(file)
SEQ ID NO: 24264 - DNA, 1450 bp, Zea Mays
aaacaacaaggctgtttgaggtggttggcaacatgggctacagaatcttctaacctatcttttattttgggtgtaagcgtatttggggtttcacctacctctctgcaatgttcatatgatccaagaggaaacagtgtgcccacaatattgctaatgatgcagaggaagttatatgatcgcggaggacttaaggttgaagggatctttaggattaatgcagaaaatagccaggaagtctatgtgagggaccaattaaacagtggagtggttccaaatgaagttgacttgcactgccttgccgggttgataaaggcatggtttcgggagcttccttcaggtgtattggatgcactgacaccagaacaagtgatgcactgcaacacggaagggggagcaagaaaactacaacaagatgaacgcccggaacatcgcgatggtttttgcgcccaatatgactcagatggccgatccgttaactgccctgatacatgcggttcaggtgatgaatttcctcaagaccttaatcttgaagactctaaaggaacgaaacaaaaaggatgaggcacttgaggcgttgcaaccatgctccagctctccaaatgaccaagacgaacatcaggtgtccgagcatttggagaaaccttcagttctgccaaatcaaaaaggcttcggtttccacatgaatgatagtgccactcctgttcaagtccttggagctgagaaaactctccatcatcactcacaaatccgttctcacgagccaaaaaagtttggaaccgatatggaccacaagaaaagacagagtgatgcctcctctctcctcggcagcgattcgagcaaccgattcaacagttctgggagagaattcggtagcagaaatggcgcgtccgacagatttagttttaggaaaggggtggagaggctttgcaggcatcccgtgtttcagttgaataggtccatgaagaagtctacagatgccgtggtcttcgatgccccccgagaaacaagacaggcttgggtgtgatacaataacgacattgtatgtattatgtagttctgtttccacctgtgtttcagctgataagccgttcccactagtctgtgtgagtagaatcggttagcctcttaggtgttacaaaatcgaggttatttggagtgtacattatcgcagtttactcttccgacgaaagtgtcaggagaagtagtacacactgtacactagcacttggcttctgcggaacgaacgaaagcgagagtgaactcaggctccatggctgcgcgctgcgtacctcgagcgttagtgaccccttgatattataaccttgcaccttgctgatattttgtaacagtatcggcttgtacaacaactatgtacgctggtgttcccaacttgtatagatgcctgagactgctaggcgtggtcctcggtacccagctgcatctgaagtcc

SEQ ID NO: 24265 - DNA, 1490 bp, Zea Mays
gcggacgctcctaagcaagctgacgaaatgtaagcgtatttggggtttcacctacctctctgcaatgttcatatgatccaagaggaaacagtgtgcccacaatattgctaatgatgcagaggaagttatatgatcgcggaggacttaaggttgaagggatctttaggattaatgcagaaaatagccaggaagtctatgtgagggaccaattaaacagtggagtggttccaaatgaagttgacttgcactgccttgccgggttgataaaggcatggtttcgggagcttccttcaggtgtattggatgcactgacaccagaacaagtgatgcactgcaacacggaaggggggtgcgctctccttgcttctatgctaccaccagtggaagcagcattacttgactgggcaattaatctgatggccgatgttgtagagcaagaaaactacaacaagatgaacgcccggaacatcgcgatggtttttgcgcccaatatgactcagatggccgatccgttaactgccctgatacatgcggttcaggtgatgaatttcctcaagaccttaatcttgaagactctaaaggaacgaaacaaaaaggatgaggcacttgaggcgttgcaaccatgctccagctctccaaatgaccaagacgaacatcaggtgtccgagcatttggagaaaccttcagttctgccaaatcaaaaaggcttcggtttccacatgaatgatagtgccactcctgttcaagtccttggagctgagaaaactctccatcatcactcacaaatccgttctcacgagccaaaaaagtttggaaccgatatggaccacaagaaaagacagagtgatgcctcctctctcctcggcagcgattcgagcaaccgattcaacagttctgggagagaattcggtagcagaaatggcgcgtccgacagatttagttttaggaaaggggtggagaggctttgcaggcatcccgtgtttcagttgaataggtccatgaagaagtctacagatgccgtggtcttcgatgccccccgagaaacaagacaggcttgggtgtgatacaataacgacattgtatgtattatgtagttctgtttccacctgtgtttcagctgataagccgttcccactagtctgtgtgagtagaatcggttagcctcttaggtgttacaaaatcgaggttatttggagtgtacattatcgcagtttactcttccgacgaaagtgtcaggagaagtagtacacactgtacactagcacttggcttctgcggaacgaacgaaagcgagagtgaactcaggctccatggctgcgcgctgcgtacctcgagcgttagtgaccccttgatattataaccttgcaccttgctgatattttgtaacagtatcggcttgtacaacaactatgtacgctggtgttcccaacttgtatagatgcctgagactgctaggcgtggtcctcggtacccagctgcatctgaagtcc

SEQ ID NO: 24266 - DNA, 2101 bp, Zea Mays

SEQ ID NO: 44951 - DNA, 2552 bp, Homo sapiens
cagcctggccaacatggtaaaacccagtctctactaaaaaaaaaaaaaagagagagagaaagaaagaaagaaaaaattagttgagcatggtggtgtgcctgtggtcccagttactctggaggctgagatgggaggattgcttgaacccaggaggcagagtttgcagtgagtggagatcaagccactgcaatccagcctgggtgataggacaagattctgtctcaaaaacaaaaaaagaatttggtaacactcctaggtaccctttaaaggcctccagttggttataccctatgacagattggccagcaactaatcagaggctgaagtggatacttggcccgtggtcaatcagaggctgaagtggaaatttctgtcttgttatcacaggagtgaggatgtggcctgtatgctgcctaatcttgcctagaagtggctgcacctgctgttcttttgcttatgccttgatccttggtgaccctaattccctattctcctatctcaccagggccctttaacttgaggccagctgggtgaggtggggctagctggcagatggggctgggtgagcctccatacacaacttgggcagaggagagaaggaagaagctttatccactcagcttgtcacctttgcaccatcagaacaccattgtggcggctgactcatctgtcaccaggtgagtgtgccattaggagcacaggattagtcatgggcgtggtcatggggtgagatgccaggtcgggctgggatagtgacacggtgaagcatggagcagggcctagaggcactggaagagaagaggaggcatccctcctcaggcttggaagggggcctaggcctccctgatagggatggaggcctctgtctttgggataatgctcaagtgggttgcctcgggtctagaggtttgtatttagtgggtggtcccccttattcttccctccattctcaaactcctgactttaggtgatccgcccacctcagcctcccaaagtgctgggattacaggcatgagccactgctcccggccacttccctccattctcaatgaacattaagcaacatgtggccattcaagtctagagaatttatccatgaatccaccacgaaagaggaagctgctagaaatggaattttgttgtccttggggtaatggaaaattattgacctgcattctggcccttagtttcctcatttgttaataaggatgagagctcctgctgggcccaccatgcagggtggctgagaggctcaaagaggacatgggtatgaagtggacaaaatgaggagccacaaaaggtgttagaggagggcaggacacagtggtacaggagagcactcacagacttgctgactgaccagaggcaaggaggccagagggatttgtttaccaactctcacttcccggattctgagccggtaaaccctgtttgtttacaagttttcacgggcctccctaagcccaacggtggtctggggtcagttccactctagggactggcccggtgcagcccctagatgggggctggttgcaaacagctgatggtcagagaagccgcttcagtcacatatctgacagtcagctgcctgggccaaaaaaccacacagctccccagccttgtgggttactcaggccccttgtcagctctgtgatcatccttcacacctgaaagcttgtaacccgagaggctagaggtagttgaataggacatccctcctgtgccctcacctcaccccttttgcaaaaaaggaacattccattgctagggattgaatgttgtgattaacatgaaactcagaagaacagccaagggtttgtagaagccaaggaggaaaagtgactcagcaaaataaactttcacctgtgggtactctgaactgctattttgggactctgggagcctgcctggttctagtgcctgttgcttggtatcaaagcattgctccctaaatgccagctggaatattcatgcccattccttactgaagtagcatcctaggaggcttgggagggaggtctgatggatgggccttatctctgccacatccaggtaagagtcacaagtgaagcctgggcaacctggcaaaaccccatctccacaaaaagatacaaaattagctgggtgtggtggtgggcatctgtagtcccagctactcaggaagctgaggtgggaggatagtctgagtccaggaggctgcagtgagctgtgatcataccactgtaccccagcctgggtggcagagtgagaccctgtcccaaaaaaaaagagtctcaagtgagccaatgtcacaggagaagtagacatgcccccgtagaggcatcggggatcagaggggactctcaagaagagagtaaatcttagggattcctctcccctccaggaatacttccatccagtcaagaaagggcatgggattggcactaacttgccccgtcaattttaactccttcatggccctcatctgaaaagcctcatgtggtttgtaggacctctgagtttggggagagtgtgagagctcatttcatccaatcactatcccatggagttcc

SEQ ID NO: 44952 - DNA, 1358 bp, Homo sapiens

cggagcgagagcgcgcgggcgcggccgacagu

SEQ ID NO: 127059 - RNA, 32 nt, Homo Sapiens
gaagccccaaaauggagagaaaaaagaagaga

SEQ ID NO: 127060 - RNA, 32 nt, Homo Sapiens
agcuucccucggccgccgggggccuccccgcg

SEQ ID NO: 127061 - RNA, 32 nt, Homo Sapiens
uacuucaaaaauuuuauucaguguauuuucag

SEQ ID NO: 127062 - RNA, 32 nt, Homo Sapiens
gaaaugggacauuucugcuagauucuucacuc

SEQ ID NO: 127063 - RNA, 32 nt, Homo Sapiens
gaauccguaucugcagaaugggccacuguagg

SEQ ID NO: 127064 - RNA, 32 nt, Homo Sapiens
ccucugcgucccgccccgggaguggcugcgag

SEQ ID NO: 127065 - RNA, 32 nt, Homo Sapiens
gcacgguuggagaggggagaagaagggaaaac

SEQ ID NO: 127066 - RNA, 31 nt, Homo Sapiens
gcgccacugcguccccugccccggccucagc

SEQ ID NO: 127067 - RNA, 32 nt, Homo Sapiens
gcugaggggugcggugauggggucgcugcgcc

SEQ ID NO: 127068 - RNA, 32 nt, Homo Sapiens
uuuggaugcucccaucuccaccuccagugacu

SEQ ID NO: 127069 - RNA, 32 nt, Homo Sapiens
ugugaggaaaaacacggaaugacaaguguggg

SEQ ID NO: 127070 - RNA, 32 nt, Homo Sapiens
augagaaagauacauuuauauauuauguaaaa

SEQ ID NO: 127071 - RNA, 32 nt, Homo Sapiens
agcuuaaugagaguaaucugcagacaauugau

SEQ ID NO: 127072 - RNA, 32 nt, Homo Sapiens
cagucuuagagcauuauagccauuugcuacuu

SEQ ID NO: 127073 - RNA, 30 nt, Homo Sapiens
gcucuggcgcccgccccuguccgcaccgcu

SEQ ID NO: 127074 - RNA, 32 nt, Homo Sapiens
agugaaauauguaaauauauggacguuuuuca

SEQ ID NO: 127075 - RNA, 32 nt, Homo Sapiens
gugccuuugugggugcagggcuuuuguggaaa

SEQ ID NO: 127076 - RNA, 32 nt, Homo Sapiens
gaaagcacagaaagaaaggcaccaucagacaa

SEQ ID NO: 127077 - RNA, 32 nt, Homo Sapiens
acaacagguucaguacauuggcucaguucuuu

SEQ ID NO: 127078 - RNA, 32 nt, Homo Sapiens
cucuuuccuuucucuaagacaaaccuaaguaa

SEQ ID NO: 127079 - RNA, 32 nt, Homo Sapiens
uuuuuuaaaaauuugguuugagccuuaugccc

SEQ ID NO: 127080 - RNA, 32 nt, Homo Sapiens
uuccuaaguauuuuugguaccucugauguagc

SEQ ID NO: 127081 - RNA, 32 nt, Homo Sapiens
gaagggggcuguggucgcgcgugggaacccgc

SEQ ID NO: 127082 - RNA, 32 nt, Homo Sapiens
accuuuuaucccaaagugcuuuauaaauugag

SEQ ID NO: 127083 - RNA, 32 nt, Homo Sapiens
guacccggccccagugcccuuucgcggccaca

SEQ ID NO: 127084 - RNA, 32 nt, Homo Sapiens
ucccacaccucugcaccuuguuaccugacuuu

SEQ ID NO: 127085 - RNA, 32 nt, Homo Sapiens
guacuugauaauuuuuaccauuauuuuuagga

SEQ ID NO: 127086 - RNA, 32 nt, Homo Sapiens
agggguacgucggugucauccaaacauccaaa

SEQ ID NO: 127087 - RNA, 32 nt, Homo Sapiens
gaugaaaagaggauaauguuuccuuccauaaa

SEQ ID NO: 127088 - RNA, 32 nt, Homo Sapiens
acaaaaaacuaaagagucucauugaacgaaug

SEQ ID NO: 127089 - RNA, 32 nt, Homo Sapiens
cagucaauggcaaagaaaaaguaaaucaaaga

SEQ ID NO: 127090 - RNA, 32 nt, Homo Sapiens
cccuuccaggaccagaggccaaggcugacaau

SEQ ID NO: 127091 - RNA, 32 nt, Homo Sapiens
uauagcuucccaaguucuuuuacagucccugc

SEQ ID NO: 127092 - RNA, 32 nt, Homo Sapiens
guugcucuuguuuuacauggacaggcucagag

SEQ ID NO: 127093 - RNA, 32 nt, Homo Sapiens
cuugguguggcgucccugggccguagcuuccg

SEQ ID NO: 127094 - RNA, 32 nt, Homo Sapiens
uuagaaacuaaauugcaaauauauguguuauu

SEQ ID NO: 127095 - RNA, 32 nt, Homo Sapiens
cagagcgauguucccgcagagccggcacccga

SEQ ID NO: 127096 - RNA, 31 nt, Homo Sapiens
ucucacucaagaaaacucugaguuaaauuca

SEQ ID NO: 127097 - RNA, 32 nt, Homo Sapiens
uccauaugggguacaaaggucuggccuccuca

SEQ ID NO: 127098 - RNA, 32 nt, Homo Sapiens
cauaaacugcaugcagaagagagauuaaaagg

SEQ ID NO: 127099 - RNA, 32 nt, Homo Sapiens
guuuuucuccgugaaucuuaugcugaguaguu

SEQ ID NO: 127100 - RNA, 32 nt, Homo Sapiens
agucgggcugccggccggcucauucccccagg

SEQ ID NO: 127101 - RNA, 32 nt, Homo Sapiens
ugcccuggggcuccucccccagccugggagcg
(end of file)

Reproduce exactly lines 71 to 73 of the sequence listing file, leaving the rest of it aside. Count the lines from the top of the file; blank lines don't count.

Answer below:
cagucaauggcaaagaaaaaguaaaucaaaga

SEQ ID NO: 127090 - RNA, 32 nt, Homo Sapiens
cccuuccaggaccagaggccaaggcugacaau